Rabbi Jeffrey Newman reflects on the Occupy Movement and how he feels it relates to Judaism and our Movement in particular.
Since I first visited the tents at St. Paul’s, I have been preoccupied with the Occupy Movement.
The global financial crisis and the associated injustice it entails is merely a symptom of even greater issues the world is now facing: climate change, over-population, food and water shortages; shortages, too, of other resources, including oil, copper, phosphorous, fish, timber, leading to continuing crises of migration, violence, terrorism and security. The enormity – and urgency – of these issues appear to paralyse governments’ ability to respond.
Most of us are in or near the top 1% of the wealthiest on the planet. We currently lead lives of incomparable luxury, compared, for example, with our grandparents, previous generations, the majority of humanity, many in the UK, the tent-dwellers Abraham, Isaac and Jacob (even though they had many more sheep.) We have a commensurate responsibility. How do we discharge this?
Those living in tents at St. Paul’s, Finsbury Square, another 15 or so other locations in UK, and more than 750 locations throughout the world symbolise active and creative engagement with these issues (see the Camp’s Initial Statement of founding principles) and it is, in my view, lazy to dismiss them as ‘anti-capitalist protestors’. Rather, they are following in the line of the prophets who, sometimes with the help of symbolic actions, raged against those kings and people who forgot God and preferred to follow Baal and Mammon.
Conditions in the camps are challenging in the extreme. They attract not only intelligent and dedicated thinkers – university lecturers and graduates unable to find work, doctors, barristers, chemists but also homeless people, alcoholics, drug addicts (followed by dealers), disabled people and others who are mentally ill (Rabbi Howard Cooper writes well about this). Though there are occasional outrageous and off-putting activities (many of us are probably more repelled than attracted by ‘Vendetta’ masks,) the organisation of the camp, the food, generosity, thoughtfulness; the care, attention, sheer hard work and willingness to overcome difficulties, the ingenuity, imagination – a building left empty by UBS for three years has been ‘taken over’ and is now flourishing as a ‘Bank of Ideas’; a weekly newspaper is produced: not the ‘Financial’ but ‘The Occupied Times’ – the evidence of what can be achieved by people working together: Tent City University, the library; the continual flow of information, discussions, with Church authorities, with Hector Sant of the FSA, with visiting personalities ensuring that the Camp’s issues constantly attract the attention of the media, all these far outweigh the negatives.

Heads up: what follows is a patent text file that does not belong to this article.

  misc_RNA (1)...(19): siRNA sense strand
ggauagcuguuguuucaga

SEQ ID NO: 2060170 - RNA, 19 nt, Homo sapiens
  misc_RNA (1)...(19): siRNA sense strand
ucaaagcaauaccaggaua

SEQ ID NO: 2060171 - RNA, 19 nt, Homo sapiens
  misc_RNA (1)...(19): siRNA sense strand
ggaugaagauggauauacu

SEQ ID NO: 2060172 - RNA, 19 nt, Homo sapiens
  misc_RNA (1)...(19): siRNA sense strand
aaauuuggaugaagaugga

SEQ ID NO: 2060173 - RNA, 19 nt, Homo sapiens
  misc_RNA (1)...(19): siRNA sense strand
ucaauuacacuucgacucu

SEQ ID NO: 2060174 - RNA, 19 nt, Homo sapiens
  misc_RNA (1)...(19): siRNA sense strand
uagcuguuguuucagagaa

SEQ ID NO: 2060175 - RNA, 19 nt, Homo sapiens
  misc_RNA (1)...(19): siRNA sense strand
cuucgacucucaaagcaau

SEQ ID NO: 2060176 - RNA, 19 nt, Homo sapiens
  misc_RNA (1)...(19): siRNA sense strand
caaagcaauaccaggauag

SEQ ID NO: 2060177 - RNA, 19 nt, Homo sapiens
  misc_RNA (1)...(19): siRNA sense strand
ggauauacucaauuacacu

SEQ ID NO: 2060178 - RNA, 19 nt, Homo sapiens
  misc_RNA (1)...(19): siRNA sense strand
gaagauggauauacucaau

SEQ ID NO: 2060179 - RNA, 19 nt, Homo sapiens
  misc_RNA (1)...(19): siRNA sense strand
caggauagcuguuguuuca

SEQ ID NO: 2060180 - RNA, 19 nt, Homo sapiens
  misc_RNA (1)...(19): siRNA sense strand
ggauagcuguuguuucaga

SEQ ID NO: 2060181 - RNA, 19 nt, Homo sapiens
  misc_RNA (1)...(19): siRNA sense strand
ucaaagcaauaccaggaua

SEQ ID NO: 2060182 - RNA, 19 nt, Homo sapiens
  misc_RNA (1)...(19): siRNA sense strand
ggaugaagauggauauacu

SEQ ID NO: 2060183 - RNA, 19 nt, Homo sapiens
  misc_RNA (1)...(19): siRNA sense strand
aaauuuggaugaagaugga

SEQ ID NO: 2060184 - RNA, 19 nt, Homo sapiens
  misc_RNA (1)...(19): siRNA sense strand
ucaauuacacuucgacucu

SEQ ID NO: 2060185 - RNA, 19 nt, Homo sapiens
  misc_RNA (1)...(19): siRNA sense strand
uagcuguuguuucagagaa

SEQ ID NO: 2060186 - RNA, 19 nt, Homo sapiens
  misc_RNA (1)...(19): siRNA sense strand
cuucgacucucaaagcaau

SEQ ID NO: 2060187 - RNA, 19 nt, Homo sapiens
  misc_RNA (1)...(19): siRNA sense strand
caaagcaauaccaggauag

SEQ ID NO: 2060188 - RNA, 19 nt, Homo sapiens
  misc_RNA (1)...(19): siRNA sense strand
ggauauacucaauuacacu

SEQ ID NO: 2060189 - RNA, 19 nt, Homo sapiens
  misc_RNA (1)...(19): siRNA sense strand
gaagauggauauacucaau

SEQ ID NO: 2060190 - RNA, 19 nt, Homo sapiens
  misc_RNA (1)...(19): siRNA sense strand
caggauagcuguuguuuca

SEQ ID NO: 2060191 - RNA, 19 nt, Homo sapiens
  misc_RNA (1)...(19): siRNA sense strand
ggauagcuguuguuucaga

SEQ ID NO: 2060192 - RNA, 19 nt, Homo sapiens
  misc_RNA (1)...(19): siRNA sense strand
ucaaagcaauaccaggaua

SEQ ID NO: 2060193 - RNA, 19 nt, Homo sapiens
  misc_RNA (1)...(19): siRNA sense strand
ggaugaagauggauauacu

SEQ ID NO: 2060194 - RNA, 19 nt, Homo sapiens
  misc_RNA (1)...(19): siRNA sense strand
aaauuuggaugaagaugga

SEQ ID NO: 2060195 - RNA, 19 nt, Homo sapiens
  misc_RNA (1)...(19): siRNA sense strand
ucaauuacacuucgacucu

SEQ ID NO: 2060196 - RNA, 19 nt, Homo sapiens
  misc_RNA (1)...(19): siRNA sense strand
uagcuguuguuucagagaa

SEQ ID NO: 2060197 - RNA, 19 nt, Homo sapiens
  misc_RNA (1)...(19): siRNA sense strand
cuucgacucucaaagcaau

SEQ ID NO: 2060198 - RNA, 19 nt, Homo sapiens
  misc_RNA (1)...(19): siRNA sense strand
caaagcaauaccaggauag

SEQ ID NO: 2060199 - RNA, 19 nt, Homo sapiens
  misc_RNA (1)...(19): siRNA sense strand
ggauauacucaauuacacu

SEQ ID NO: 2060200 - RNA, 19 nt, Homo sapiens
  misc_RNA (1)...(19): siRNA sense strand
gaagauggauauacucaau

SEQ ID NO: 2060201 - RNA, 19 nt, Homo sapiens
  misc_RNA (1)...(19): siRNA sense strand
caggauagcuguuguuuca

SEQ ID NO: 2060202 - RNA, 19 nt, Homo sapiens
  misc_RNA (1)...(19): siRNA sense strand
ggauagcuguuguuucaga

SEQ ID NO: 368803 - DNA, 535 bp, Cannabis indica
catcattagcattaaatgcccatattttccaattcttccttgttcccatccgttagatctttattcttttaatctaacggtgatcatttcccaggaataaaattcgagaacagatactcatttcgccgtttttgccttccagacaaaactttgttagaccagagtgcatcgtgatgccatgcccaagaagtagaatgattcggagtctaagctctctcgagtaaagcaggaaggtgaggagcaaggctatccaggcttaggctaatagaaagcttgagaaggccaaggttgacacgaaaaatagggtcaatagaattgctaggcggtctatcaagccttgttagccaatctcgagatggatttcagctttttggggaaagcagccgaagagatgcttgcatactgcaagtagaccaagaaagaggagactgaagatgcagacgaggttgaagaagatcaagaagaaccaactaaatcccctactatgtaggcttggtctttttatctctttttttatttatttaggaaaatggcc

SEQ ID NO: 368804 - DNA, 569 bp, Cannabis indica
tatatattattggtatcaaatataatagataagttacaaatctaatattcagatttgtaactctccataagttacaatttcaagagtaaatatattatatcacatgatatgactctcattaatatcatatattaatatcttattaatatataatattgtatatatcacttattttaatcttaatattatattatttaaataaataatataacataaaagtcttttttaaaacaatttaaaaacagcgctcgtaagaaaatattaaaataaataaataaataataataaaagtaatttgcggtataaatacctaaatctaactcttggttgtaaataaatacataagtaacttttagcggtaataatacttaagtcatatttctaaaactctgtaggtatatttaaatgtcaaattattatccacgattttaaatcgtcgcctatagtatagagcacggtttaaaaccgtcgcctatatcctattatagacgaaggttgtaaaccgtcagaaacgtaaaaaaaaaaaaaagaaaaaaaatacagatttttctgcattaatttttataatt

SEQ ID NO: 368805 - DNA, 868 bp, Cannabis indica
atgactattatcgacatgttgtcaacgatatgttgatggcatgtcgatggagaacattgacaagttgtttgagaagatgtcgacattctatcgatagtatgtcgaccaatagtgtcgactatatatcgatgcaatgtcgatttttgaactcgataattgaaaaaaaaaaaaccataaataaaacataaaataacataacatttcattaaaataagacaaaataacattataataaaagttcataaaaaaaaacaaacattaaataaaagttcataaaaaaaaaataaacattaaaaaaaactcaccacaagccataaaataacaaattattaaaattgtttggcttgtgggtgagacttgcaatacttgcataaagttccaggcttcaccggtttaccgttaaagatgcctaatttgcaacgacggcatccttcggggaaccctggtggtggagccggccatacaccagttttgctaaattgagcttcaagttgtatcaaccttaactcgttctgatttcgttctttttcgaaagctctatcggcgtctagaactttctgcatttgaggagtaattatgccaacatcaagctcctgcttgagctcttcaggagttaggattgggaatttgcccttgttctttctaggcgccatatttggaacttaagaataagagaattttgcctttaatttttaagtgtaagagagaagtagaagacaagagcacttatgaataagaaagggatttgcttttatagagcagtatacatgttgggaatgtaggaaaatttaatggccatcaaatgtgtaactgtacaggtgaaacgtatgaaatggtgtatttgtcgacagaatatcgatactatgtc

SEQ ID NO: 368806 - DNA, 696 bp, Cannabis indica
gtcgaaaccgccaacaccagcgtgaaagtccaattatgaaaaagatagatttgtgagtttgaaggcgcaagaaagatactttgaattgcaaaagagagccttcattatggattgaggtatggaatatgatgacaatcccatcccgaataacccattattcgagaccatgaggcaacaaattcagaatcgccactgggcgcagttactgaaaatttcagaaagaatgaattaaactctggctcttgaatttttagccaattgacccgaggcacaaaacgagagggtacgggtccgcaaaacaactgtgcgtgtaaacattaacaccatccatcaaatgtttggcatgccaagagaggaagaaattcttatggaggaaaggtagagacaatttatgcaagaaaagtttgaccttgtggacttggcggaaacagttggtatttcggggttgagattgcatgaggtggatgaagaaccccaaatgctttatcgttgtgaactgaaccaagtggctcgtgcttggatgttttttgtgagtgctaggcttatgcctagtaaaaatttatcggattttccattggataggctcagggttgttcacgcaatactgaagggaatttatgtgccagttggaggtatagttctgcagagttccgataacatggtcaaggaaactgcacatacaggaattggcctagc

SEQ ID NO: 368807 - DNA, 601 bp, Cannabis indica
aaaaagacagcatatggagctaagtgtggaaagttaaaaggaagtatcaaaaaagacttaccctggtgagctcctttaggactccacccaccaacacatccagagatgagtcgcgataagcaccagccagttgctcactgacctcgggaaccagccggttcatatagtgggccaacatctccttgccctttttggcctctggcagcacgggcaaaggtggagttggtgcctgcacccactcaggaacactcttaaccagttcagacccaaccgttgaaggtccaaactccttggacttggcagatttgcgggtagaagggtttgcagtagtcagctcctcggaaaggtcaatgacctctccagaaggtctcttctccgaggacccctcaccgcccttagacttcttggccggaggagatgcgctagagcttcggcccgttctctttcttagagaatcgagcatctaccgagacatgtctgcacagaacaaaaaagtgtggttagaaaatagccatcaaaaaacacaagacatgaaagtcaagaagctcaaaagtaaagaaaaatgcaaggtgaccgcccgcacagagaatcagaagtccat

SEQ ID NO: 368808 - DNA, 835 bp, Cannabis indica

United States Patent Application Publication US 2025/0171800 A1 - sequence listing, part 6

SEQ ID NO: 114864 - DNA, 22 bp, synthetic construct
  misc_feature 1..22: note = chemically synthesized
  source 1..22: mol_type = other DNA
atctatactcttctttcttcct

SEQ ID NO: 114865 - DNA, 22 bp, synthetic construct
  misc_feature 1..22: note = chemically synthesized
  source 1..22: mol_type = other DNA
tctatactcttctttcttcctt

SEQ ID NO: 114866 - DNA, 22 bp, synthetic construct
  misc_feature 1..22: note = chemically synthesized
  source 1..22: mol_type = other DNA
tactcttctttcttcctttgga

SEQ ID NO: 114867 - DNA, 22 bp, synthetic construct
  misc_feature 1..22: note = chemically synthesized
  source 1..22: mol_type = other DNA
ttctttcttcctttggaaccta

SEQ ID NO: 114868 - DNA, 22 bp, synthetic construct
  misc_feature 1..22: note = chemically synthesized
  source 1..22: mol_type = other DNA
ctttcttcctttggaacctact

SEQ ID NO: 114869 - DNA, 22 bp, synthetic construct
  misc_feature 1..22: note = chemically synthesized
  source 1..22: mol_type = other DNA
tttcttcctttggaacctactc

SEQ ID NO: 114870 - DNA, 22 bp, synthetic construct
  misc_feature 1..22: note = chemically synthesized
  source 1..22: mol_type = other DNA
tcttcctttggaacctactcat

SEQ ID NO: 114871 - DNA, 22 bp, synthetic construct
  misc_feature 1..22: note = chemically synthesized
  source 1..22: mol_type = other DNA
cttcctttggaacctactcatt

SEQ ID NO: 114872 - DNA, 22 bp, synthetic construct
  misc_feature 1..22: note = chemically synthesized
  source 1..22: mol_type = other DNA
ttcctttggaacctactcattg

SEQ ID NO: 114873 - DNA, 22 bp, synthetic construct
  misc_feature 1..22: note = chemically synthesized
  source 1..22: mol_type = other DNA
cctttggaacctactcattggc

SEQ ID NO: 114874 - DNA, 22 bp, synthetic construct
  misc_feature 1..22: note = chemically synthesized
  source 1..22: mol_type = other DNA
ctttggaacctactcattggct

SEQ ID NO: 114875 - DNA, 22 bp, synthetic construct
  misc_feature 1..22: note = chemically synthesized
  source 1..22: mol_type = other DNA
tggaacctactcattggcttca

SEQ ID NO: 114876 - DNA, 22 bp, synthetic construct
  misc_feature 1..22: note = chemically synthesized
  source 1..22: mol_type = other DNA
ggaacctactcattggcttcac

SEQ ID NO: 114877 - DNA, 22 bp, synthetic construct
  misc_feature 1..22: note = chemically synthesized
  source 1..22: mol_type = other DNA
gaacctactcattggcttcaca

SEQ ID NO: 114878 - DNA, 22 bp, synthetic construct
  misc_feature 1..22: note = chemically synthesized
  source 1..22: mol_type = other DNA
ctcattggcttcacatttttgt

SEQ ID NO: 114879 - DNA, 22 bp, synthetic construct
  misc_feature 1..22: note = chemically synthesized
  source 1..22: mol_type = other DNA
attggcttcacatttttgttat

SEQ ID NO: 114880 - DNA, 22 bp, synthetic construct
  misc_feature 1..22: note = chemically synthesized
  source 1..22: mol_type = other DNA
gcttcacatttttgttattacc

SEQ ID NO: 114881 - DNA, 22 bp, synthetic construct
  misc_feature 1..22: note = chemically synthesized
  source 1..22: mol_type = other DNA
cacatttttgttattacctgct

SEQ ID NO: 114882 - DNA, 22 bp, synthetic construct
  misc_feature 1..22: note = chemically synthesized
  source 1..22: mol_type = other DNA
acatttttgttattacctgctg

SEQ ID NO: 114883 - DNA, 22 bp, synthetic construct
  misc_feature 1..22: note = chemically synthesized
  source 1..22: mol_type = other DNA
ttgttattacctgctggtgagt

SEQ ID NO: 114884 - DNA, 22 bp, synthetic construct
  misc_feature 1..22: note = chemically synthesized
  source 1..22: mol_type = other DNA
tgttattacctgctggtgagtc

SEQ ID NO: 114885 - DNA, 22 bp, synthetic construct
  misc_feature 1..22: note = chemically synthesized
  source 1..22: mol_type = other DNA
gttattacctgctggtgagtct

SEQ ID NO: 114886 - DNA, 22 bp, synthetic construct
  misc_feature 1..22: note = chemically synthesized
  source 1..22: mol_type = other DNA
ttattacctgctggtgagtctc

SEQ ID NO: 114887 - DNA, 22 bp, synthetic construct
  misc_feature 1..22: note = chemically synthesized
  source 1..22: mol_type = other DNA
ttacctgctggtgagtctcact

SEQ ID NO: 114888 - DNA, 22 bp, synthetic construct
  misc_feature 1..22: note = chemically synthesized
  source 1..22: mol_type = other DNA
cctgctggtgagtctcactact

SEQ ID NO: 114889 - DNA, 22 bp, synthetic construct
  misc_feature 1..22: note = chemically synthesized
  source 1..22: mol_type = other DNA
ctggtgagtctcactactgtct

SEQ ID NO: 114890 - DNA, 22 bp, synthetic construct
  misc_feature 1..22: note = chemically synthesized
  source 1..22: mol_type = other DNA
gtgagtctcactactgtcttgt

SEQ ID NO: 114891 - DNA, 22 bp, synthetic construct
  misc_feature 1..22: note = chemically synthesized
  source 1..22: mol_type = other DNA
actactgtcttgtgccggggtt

Meanwhile, the Camp struggles. There is a court case about to open. The local democracy which is the decision making mechanism of the Camp is under attack from infiltrators. The purposes of the Camp are easily forgotten.
So, there is continual outreach work to be done – to unite the Occupations throughout the UK and connect with the 99% in whose name the movement exists. A multi-faith and no-faith Winter Carnival has been proposed, to open the doors of mosques, synagogues, churches and cathedrals up and down the country to debate the issues and strategy and to understand better our own history; but, also, to spread light in dark times, to join together and eat, celebrate the achievements of the movement so far, enjoy music, humour and food.
Purim, carnival time, 8th March – how apt for us to offer invitations to our neighbours, to those in whose name the Occupy Movement protests. We have survived – we were saved by Esther and Mordechai from extinction at the hands of the wicked Haman. We were, and always have been, a tiny minority: we know the pain of those who suffer. 11 bishops and the two archbishops wrote, protesting to government about the benefit cuts: could we not join them in concrete action?
Is this Jewish? Is this an example of ‘Reform Judaism’ in action? A few words from Abraham Joshua Heschel may explain. What manner of man is the Prophet? asks Heschel and he explains, under the heading: Sensitivity to Evil. The prophet, says Heschel, is horrified by the everyday occurrences that we pass by, torn apart by the strength of his feelings and emotions. He rails, some might say hysterically, against corruption; he sees extortion and misery as catastrophes; he takes note of those ignored by others – women and children: ‘even a minor injustice assumes cosmic proportions.’ Unfaithfulness to God is seen as bringing an end to the world. What a contrast is this to our ‘incapacity to sense the depth of misery caused by our own failures.’ Heschel summarises: ‘Prophecy is the voice that God has lent to the silent agony, a voice to the plundered poor, to the profaned riches of the world. It is a form of living, a crossing point of God and man. God is raging in the prophet’s words.’
It is on respect for Prophetic Judaism that Reform Judaism basis itself.
The Occupy Movement can best be understood by us as a manifestation of the spirit of prophetic Judaism. Acting together we can make a difference, and governments act only when they hear the clear voice of the people.